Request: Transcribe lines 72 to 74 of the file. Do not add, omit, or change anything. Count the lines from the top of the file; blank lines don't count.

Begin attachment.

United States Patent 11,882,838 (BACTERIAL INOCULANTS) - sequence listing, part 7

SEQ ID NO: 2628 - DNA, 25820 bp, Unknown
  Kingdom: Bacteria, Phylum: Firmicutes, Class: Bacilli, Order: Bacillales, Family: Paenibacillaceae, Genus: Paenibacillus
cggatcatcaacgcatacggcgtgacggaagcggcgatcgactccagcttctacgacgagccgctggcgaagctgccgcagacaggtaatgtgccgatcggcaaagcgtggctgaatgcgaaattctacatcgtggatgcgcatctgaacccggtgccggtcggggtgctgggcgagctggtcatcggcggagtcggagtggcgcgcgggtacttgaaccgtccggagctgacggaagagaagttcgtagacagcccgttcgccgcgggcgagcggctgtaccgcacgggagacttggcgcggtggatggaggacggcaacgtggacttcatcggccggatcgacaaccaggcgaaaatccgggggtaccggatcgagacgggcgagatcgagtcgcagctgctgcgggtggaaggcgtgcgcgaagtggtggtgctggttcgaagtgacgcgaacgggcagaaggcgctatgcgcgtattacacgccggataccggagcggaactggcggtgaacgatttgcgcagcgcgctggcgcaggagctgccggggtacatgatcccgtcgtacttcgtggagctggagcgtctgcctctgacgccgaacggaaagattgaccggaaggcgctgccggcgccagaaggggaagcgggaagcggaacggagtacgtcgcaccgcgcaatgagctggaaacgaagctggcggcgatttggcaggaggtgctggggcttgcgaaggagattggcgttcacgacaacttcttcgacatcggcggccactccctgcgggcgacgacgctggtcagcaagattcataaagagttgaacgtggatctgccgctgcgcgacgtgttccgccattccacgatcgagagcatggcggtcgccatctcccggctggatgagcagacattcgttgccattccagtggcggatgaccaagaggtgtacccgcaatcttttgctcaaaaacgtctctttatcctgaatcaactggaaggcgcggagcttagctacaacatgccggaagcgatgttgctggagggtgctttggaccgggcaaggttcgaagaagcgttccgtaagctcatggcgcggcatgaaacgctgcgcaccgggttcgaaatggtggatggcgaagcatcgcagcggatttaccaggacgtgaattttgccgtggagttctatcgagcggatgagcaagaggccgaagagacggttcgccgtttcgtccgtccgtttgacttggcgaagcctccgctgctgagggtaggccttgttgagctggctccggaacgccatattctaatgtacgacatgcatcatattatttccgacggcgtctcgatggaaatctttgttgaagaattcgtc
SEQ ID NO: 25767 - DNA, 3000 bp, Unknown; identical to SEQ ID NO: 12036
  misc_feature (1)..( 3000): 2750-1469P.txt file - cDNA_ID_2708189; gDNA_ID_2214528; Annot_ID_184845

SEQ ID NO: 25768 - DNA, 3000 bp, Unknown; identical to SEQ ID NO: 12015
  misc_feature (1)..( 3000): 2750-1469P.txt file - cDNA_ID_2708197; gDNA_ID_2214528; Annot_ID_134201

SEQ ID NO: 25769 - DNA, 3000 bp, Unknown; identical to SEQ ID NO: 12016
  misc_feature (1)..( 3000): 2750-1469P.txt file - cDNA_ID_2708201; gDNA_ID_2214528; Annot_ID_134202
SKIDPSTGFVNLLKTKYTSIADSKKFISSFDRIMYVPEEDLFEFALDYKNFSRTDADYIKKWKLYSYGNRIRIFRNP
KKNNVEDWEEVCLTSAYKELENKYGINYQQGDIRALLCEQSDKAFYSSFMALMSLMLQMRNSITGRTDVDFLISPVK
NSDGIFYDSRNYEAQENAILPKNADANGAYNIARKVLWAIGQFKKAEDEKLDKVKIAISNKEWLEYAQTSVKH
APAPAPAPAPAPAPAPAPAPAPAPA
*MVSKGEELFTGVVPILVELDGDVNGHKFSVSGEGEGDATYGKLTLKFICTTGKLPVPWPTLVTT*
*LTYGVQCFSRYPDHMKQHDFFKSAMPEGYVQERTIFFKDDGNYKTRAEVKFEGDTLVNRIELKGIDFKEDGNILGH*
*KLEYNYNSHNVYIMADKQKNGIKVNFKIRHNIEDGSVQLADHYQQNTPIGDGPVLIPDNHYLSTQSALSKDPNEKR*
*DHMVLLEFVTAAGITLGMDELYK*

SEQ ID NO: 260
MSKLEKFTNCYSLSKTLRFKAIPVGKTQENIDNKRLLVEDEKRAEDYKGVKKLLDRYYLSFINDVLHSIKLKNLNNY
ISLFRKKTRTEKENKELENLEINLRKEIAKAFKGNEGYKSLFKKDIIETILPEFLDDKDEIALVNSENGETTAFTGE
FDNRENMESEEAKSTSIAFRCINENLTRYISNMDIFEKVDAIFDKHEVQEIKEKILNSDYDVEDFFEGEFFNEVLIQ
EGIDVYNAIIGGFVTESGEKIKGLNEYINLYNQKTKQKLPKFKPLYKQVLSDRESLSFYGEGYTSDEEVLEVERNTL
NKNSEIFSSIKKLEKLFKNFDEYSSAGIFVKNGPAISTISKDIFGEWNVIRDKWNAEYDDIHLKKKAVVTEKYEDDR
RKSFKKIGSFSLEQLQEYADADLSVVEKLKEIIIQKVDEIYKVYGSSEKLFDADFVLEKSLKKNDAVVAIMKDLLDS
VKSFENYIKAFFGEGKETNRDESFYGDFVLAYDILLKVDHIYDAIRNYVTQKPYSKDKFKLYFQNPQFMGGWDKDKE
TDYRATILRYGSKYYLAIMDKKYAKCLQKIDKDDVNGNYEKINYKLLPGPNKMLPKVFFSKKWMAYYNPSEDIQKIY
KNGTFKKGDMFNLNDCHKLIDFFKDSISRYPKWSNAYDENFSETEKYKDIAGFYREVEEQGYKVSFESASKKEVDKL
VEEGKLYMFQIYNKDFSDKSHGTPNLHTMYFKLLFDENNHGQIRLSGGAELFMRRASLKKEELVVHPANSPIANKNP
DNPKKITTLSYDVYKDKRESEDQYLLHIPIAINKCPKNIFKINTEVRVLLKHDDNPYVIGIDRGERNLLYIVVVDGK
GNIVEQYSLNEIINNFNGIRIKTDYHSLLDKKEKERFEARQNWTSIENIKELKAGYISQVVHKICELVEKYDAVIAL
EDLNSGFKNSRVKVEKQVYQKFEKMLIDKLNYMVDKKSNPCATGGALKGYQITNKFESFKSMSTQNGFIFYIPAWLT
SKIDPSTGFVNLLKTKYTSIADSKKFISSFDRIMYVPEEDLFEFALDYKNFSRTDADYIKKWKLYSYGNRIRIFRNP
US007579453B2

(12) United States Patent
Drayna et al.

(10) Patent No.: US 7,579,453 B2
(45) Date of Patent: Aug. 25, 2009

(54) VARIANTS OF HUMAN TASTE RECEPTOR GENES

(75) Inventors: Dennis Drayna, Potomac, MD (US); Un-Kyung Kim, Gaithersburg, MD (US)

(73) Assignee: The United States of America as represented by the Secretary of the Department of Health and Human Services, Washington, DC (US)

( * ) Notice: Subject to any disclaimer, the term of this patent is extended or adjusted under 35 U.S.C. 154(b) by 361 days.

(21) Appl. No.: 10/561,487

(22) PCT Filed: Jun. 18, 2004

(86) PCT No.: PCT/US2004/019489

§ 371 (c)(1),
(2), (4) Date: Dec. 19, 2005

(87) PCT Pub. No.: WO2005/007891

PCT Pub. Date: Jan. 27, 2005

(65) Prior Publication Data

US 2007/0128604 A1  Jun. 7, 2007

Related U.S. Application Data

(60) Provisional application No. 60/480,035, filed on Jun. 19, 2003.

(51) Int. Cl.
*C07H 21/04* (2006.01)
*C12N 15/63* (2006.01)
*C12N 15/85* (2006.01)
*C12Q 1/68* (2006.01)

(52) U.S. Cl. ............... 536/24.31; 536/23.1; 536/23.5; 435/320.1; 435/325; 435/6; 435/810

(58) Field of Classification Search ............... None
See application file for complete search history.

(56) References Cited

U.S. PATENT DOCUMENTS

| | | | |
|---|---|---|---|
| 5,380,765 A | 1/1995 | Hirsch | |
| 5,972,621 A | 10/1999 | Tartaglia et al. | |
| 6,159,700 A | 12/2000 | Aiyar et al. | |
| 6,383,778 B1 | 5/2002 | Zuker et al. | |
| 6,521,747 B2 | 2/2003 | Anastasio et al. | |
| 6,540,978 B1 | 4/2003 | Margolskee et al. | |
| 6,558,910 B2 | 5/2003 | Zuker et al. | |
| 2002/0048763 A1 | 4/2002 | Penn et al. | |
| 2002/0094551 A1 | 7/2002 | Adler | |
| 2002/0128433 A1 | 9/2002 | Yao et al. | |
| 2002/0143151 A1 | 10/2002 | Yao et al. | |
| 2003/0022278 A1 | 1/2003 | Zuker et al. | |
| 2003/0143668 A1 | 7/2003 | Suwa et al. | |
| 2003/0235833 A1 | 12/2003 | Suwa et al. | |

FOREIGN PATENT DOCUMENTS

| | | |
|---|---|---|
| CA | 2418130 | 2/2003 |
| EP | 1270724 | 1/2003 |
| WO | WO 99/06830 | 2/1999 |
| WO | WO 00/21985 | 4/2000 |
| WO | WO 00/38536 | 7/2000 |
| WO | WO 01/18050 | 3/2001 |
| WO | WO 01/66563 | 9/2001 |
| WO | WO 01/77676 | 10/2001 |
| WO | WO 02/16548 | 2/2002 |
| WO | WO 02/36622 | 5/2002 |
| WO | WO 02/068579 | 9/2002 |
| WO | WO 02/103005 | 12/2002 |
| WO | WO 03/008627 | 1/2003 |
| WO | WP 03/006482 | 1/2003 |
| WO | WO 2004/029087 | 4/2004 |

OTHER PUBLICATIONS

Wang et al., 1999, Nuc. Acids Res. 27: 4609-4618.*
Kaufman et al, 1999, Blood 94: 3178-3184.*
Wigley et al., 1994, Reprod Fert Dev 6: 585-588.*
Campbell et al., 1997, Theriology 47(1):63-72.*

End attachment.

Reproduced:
| 6,558,910 B2 | 5/2003 | Zuker et al. | |
| 2002/0048763 A1 | 4/2002 | Penn et al. | |
| 2002/0094551 A1 | 7/2002 | Adler | |